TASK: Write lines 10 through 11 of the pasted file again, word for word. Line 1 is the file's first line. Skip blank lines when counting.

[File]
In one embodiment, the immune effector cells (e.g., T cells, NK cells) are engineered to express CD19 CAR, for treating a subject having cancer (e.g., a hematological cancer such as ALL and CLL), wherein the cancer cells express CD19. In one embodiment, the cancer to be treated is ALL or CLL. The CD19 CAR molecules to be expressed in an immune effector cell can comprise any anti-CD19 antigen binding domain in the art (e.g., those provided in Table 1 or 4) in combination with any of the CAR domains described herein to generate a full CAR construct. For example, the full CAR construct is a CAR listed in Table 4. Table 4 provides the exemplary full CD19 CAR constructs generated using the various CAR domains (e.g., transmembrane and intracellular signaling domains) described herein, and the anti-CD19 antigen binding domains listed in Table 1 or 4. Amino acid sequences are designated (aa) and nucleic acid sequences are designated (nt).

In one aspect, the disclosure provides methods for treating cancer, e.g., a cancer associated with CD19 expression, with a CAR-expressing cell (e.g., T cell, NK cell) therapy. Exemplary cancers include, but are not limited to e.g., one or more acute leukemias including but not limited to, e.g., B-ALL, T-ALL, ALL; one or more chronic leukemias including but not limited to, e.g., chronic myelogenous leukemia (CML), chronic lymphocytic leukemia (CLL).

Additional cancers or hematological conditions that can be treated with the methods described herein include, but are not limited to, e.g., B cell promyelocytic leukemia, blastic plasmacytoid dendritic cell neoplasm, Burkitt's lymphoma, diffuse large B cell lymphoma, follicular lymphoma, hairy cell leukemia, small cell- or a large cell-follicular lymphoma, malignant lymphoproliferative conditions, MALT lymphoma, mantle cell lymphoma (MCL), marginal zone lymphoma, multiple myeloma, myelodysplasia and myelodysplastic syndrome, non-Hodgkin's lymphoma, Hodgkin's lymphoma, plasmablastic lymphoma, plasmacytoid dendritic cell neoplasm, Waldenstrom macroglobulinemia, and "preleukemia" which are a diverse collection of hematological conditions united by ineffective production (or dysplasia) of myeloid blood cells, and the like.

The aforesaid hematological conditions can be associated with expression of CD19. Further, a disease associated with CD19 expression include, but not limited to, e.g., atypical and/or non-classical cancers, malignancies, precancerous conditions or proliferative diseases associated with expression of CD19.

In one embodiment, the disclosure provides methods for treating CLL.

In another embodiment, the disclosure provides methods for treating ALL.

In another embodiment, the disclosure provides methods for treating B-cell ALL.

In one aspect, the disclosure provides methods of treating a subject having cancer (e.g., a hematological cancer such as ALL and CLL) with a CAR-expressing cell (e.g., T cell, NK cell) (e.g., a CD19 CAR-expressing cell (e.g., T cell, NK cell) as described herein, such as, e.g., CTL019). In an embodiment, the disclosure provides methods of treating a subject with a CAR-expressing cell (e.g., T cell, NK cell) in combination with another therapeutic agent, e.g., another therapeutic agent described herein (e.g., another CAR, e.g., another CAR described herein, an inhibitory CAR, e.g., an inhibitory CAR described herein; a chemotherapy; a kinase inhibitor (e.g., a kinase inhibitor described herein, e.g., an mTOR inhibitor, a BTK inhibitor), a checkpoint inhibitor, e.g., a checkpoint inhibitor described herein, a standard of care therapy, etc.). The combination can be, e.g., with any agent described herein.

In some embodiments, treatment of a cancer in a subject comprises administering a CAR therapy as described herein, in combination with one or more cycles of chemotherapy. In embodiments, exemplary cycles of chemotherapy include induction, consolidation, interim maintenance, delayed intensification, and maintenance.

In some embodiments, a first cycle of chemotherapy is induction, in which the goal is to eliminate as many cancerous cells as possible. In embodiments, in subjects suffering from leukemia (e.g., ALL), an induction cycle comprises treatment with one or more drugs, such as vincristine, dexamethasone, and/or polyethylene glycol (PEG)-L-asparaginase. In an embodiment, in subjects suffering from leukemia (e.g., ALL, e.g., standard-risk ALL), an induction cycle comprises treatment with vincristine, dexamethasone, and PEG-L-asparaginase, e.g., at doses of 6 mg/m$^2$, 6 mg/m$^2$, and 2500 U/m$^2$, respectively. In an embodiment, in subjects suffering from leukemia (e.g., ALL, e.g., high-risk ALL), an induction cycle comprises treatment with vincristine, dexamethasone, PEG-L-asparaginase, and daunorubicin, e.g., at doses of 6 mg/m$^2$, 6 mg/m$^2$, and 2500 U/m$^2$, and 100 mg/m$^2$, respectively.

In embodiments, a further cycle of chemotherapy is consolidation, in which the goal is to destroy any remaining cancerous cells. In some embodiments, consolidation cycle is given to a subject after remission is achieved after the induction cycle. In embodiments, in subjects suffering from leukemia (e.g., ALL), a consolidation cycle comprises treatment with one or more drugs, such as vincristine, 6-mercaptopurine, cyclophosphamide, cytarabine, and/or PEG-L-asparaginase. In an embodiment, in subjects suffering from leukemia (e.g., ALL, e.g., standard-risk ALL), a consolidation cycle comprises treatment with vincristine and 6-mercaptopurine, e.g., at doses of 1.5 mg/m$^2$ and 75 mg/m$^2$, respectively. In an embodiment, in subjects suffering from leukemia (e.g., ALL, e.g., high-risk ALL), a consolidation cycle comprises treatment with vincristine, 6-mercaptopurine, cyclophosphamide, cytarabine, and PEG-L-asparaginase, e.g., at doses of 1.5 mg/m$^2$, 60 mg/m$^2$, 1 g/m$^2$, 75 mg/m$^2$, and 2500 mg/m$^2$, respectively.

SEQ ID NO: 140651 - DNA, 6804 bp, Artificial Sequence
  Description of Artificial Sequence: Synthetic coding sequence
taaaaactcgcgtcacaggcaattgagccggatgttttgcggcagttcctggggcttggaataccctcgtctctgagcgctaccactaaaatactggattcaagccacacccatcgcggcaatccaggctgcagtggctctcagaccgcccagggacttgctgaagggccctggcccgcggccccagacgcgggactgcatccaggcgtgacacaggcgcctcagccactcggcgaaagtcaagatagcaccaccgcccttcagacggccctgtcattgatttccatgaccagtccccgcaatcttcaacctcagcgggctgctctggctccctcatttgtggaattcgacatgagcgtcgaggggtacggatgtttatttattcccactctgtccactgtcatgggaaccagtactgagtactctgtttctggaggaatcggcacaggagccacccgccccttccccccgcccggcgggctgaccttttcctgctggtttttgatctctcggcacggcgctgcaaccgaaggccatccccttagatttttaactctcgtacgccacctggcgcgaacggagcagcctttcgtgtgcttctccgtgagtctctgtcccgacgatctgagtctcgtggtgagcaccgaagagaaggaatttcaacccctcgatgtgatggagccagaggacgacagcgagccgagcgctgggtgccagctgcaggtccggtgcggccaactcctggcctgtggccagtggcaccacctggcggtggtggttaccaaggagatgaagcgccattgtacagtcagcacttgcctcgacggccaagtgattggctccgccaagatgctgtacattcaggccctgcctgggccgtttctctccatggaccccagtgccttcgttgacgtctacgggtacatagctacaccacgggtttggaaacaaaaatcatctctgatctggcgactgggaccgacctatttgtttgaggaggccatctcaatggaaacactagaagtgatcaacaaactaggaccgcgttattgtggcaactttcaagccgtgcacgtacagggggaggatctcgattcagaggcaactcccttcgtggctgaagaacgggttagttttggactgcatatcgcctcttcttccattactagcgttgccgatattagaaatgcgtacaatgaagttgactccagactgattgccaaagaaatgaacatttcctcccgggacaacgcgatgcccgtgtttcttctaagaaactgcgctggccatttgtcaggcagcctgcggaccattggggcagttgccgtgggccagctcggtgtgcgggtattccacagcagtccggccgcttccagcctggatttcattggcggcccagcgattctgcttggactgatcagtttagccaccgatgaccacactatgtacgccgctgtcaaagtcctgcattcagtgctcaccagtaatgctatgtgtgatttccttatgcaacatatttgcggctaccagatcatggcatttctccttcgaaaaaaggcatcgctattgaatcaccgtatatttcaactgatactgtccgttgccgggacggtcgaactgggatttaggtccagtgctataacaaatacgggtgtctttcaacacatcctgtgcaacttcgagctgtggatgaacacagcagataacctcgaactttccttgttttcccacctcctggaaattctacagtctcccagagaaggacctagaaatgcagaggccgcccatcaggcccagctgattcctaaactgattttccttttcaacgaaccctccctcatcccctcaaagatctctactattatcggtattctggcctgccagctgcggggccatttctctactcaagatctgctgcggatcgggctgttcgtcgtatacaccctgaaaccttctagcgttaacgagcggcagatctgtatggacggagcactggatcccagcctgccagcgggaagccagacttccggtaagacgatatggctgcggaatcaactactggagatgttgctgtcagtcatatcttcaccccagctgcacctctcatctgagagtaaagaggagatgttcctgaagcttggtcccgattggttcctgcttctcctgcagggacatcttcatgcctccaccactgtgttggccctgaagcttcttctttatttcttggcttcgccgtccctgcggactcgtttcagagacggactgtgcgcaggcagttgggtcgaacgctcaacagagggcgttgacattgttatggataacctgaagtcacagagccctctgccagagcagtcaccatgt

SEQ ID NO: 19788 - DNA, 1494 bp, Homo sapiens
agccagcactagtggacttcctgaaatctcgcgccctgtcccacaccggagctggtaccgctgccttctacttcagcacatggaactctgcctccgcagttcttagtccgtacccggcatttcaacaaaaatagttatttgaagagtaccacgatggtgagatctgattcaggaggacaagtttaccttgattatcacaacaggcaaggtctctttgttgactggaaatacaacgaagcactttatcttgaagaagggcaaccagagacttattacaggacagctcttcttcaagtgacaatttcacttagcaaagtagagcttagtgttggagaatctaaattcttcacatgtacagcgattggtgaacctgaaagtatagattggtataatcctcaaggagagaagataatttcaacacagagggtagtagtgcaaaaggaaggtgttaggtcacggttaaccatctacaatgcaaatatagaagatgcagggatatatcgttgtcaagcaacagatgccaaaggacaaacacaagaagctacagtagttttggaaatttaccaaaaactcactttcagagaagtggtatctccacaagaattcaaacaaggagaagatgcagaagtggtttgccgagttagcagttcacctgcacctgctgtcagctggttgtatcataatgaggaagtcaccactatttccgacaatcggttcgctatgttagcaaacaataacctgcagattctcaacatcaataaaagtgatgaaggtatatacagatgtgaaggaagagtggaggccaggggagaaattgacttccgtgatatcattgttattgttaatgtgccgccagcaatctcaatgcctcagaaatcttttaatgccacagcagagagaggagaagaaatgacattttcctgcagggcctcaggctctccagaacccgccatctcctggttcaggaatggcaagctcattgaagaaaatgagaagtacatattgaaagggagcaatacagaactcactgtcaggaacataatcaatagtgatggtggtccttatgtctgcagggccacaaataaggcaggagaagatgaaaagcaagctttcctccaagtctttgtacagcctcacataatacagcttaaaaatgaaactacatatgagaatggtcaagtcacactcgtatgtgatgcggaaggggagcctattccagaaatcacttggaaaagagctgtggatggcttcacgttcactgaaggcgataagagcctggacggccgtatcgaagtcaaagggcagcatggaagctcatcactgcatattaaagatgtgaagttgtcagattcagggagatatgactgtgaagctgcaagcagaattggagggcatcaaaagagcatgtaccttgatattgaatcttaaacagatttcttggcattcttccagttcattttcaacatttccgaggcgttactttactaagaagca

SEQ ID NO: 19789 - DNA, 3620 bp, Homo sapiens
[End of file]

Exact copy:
In some embodiments, a first cycle of chemotherapy is induction, in which the goal is to eliminate as many cancerous cells as possible. In embodiments, in subjects suffering from leukemia (e.g., ALL), an induction cycle comprises treatment with one or more drugs, such as vincristine, dexamethasone, and/or polyethylene glycol (PEG)-L-asparaginase. In an embodiment, in subjects suffering from leukemia (e.g., ALL, e.g., standard-risk ALL), an induction cycle comprises treatment with vincristine, dexamethasone, and PEG-L-asparaginase, e.g., at doses of 6 mg/m$^2$, 6 mg/m$^2$, and 2500 U/m$^2$, respectively. In an embodiment, in subjects suffering from leukemia (e.g., ALL, e.g., high-risk ALL), an induction cycle comprises treatment with vincristine, dexamethasone, PEG-L-asparaginase, and daunorubicin, e.g., at doses of 6 mg/m$^2$, 6 mg/m$^2$, and 2500 U/m$^2$, and 100 mg/m$^2$, respectively.

In embodiments, a further cycle of chemotherapy is consolidation, in which the goal is to destroy any remaining cancerous cells. In some embodiments, consolidation cycle is given to a subject after remission is achieved after the induction cycle. In embodiments, in subjects suffering from leukemia (e.g., ALL), a consolidation cycle comprises treatment with one or more drugs, such as vincristine, 6-mercaptopurine, cyclophosphamide, cytarabine, and/or PEG-L-asparaginase. In an embodiment, in subjects suffering from leukemia (e.g., ALL, e.g., standard-risk ALL), a consolidation cycle comprises treatment with vincristine and 6-mercaptopurine, e.g., at doses of 1.5 mg/m$^2$ and 75 mg/m$^2$, respectively. In an embodiment, in subjects suffering from leukemia (e.g., ALL, e.g., high-risk ALL), a consolidation cycle comprises treatment with vincristine, 6-mercaptopurine, cyclophosphamide, cytarabine, and PEG-L-asparaginase, e.g., at doses of 1.5 mg/m$^2$, 60 mg/m$^2$, 1 g/m$^2$, 75 mg/m$^2$, and 2500 mg/m$^2$, respectively.